JAMB releases additional 36,540 UTME results

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The Joint Admissions and Matriculation Board (JAMB) has released additional 36,540 UTME results, which were earlier withheld for further investigation.

This is contained in a statement made available to newsmen in Abuja on Thursday by the Board’s spokesperson, Dr Fabian Benjamin.

Benjamin said the results were in addition to the previous 531 results released during the week, bringing the total results released to 1,879,437.

He said the attention of the Board was drawn to a fictitious letter concocted by a fraudster and circulated on social media.

According to him, the letter, purporting to emanate from the Board stated that the outstanding 2024 UTME results had been compromised on account of a cyber-security and breach.

“This is far from the truth as the said letter did not emanate from the Board.

“In fact, a closer look at the letter, which was not signed by any person, lacked every ingredient of a letter from the Joint Admissions and Matriculation Board.

“The letter is, therefore, from those, who wish to destroy the integrity of the Board, by compromising its unassailable operational processes to mislead hapless candidates with the sole aim of extorting them.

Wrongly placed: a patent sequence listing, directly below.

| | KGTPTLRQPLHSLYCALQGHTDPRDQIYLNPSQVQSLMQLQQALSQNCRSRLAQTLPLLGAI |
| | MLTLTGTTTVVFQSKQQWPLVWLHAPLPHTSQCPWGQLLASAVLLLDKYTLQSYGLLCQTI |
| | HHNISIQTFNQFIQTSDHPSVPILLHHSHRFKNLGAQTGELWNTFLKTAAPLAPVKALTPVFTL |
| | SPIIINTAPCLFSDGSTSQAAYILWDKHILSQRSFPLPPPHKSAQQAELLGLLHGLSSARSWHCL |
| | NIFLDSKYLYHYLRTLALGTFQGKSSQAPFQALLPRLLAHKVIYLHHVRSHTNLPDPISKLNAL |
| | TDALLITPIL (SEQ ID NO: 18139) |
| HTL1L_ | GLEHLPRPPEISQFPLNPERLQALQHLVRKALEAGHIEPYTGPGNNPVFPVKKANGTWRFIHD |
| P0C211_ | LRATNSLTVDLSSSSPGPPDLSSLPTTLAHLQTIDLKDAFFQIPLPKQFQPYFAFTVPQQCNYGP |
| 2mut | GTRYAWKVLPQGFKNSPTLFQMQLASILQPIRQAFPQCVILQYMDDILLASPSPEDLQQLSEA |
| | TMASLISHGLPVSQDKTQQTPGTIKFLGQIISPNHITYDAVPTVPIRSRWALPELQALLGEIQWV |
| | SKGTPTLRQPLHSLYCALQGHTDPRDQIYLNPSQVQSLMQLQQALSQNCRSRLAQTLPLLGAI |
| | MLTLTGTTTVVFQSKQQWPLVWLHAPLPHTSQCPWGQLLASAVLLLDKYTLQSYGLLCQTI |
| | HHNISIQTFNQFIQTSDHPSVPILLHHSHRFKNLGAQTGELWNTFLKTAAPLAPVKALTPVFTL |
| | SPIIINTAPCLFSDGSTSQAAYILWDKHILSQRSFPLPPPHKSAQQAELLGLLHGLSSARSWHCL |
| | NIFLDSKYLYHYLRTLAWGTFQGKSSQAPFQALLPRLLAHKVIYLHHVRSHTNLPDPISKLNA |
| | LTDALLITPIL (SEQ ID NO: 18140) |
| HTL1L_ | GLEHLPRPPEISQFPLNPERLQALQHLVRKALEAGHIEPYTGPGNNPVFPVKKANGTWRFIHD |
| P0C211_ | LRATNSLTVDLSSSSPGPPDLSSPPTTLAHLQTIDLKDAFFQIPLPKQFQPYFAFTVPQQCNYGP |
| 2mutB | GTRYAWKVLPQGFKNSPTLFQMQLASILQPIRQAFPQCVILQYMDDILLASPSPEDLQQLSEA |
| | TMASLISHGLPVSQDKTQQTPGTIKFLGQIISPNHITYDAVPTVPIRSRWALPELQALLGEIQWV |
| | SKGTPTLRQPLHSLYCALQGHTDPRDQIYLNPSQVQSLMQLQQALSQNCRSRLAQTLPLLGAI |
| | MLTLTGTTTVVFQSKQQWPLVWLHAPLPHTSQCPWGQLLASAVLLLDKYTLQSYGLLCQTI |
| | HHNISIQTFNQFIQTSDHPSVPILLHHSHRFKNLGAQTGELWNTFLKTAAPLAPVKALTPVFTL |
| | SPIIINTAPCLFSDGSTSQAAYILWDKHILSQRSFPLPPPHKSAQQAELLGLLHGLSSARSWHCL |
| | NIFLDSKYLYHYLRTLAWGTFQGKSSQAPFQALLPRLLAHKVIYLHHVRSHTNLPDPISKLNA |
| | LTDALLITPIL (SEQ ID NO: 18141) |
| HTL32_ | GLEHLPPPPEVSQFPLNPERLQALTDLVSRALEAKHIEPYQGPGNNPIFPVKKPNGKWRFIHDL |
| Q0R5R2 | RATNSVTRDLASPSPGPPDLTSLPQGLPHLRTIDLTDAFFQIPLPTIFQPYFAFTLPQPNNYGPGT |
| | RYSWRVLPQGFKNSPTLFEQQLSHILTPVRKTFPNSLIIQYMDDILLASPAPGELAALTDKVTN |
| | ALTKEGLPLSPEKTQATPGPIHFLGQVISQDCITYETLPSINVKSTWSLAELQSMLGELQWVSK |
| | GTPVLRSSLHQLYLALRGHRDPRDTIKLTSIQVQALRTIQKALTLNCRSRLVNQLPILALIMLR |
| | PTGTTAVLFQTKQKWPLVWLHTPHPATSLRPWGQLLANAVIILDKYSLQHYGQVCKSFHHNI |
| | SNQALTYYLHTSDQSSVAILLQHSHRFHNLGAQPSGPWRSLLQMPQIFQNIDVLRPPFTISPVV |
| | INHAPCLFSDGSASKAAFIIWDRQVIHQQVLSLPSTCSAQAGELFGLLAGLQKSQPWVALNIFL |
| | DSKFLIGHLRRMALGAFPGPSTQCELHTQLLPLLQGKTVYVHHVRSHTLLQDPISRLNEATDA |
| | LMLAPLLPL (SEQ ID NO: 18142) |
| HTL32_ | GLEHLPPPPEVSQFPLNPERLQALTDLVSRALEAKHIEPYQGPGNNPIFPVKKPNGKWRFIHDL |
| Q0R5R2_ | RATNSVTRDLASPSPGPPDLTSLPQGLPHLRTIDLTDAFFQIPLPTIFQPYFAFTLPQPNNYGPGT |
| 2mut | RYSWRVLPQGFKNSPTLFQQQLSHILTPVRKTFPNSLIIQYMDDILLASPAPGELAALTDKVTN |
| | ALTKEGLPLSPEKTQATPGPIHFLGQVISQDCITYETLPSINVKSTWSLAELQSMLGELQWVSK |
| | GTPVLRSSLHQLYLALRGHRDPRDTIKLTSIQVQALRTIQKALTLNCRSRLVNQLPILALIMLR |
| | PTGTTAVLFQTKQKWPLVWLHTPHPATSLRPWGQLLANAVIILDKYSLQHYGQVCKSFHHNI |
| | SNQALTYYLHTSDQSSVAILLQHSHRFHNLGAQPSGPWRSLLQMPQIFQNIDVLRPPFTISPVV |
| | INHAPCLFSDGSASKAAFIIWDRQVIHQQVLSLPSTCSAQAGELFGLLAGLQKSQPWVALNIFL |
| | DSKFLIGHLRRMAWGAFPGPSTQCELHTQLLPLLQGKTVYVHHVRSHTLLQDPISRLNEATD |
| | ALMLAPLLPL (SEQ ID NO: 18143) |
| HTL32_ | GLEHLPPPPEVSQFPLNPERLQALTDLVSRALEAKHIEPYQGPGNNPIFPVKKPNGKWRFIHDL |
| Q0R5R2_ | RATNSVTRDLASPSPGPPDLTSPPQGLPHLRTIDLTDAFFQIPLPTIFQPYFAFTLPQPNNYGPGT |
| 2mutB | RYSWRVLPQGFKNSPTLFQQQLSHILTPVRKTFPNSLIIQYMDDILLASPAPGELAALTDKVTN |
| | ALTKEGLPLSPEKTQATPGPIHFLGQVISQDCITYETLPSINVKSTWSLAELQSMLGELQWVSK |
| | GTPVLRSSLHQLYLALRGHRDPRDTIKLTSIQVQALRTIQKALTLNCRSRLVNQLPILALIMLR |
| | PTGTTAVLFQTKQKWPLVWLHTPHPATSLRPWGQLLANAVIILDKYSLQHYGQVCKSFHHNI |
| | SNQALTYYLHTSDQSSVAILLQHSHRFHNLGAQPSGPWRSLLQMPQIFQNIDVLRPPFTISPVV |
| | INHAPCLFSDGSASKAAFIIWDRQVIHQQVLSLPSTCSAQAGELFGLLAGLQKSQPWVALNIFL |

“The Board reiterated, for the umpteenth time, that the results of its 2024 UTME and other previous years are intact, not in any cloud storage and can, therefore, not be hacked by anybody,” he said.

Recall that at the release of the 2024 UTME, the Board had announced that some results had been withheld as they were being subjected to further investigation.

Out of these withheld results, 531 results were released recently.

Benjamin said other results found to be involved in any examination misconduct were still undergoing investigation.

He said the Board would want to review all the footage of all CCTV cameras placed in all its accredited centres to ascertain the candidate’s culpability or otherwise.

Benjamin, however, said the Board would publish its findings at the conclusion of the exercise.
He urged the public to be wary of misleading information emanating from sources not linked to the Board.

“Equally disturbing is the misleading comments of some functionaries of some private institutions, which are linking the Board with “the prevailing low ‘cut-off marks’.

“When in practice, it was their institutions that had submitted lower minimum admissible scores marks, even lower than what other institutions had presented.

“For the purpose of clarity, minimum admissible scores are first presented by individual institutions before such are debated to arrive at a benchmark agreed upon by all Heads of Institutions across the country.

“This is done at its annual Policy Meeting on Admissions and which no institution would be allowed to compromise,” he added.

He further urged religious organisations to stick to their primary roles, saying there were reports of some religious organisations making false representation to government at various levels for selfish ends. (NAN)

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